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The Casual Vacancy
Review and recipe by Donna Scocozza
If J.K. Rowling’s magical, mystical characters in the Harry Potter series had us soaring to reading heights on quidditch sticks, the doings and un-doings of the characters in her latest novel, The Casual Vacancy, have us thudding back to earth with a mournful cry.
I was prepared for an “adult” novel, as Rowling’s pre-publication interviews had described the book, but I was not prepared for the depth of misery and the utter lack of relief from misery that the story portrays.
We are introduced to the town of Pagford, a small burg in West Country, England, on the evening the death of one of its most upstanding and well-regarded citizens, Barry Fairbrother. His death sends the townsfolk into a frenzy, and the reason is not what we might want to believe, given the description of the town’s pastoral and idyllic setting, which boasts an ancient abbey, a cobblestoned town square, and quite a nice tourist trade.
Barry’s death sets off a vicious competition for his seat on the parish (town) council. The book’s title refers to the term for a vacancy caused by an unexpected event such as a death or resignation. Through the contest, we are quickly drawn into the lives, loves, lies, deceptions and desperation of Harry, Barry’s former business partner; Colin and his family; and a host of other families and individuals.
The personality of each character is presented at its grittiest and most callous, and pitting the characters, whether adults or teens, against each other plays into the theme of class that runs through the plot line. This is made clear when those vying for Barry’s council seat fall into two two categories: those in favor of or those against keeping open a drug clinic in the poorer, rundown section of Pagford, an area known as “the fields.”
Even a dinner party hosted by Harry and his wife, usually thought to be a pleasant interlude, and which might have been a relief from all the bad karma, had a snarky edge to it. The one bright spot in the event was the description of Sylvie’s favorite standby dessert, Mississippi Mud Pie. It was such a surprise to find what I thought of as a truly American dessert smack in the midst of all this English-angst,
All this being said, I kept on reading, and while I can’t say it was the most enjoyable read I’ve had, I can say that there was something compelling enough about the story that I was genuinely sorry to come to the final page. And maybe that’s a kind of wizardly magic after all.
Deep-Dish Mississippi Mud Pie
Serves 10 to 12
1 1/2 cups all-purpose flour
1 teaspoon granulated sugar
3/4 teaspoon salt
1/4 teaspoon ground cinnamon
1/4 cup solid vegetable shortening
1/2 stick (1/4 cup) cold unsalted butter
3 to 4 tablespoons ice water
6 ounces bittersweet chocolate, coarsely chopped
1 stick (1/2 cup) unsalted butter
3/4 cup granulated sugar
2 tablespoons light corn syrup
1 teaspoon instant espresso, dissolved in 1 tablespoon hot water
1/8 teaspoon salt
1 cup very cold heavy cream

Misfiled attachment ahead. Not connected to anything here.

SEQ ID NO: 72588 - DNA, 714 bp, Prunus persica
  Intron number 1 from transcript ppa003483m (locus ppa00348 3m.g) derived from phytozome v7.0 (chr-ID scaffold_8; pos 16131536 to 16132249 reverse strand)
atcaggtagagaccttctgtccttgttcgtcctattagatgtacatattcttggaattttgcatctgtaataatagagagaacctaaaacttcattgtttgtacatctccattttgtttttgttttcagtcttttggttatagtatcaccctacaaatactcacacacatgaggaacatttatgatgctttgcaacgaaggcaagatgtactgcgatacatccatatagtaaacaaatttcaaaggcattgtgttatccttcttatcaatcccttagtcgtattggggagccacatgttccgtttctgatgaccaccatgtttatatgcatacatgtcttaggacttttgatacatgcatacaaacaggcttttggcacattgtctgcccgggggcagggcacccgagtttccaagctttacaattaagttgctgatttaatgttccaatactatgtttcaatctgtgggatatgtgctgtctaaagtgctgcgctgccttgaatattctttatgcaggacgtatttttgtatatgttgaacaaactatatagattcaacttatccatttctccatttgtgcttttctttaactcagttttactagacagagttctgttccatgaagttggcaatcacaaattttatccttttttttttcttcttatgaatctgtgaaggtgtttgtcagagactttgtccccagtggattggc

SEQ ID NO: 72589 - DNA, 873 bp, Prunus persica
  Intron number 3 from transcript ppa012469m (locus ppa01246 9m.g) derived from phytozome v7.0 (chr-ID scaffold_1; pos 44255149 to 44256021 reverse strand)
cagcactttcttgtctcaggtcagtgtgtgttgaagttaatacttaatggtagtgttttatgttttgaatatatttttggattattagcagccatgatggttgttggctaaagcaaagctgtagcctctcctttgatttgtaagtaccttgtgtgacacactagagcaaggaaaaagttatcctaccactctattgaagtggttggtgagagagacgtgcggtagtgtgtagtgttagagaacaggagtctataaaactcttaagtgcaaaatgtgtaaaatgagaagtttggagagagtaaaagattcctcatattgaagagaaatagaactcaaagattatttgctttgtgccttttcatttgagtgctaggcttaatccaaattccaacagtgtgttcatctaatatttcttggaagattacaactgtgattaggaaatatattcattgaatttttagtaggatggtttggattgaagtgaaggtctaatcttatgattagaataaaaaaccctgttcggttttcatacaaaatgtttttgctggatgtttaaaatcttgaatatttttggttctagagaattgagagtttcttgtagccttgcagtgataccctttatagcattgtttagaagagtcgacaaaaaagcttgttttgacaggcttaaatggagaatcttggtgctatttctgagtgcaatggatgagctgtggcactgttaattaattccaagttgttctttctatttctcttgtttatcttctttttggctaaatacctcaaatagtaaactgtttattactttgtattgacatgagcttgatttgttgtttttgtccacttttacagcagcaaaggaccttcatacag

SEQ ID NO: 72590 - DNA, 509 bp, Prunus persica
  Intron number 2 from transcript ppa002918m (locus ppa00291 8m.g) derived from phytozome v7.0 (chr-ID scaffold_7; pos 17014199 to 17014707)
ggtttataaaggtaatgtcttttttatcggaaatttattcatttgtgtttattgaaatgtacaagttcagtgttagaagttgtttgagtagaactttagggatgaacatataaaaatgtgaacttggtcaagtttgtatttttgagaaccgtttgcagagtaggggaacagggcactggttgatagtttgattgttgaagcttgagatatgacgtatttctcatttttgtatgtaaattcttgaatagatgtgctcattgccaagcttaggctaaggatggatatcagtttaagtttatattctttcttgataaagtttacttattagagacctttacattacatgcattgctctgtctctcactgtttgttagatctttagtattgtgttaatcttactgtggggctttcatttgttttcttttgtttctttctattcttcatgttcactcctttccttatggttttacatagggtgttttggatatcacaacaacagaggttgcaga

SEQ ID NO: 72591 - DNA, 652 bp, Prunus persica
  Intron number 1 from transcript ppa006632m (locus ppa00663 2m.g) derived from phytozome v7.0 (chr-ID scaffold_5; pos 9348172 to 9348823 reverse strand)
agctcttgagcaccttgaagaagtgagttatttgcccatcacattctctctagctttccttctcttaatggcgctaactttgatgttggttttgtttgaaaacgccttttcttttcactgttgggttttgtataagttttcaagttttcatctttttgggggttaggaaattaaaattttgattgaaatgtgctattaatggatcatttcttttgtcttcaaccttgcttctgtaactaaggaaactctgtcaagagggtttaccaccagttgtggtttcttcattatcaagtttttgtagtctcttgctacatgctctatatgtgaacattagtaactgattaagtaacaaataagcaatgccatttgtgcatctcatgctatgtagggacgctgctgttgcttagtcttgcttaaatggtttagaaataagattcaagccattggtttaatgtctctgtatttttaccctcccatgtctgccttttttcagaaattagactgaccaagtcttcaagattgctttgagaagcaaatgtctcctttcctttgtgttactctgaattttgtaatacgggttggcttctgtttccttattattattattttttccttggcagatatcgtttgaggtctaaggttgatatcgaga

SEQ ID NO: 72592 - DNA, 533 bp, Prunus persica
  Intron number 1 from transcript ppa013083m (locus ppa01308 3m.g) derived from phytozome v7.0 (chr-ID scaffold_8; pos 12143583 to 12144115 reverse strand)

1 tablespoon bourbon
3 tablespoons confectioners’ sugar
Chocolate curls for garnish, optional
1. For pastry crust, in the workbowl of a food processor fitted with the steel blade, pulse flour, sugar, salt and cinnamon a few times to aerate. Add shortening and butter; pulse just until mixture resembles coarse crumbs.
2. Slowly add water and pulse just until mixture begins to come together. Remove from processor to a piece of wax paper or plastic wrap; gather mixture into a ball. Flatten to a disk; wrap and chill 30 minutes.
3.On a clean, dry, lightly floured surface, pat pastry into a disk. With a floured rolling pin, roll pastry into an 11-inch circle. Fit into a 9-inch deep-dish pie plate. Trim and even edge, leaving enough pastry, about 1 to 1 1/2-inches, to fold under and flute edge; chill pastry 30 minutes.
4. Preheat oven to 375° F. Gently and lightly fit a piece of aluminum foil into the pie shell. Prick bottom and side with fork in a few places. Add pie weights or 1 cup of raw beans or rice. Bake 15 minutes. Remove from oven to a wire rack. Remove the foil and weights. Return to oven and continue to bake 15 to 18 minutes until golden brown. Remove to a wire rack to cool completely. Reduce oven temperature to 350° F.
5. For filling, in a medium microwave-safe bowl, melt butter and chocolate on High 1 minute until butter is melted and chocolate is softened; stir to completely melt and combine.
6. In large bowl of electric mixer fitted with the wire whisk, beat eggs, granulated sugar, corn syrup, espresso, and salt on high speed 5 to 7 minutes until light colored and very thick (the mixture should fall from the whisk in ribbons when thick enough).
7. Gently fold chocolate mixture into the egg mixture. Place the cooled pie shell on a cookie sheet. Pour the chocolate batter into cooled pie shell. Bake 34 to 40 minutes until the top is slightly puffed and crusty, and just set. If needed, shield edge of pie with aluminum foil or pie shield.
8. Remove to a wire rack to cool completely; chill until ready to serve.
9. For topping, in a chilled bowl of electric mixer fitted with chilled whisk attachment, whip cream with bourbon and sugar at high speed until soft peaks form. Spread cream evenly over pie. If desired, scatter chocolate curls over cream. Chill until ready to serve.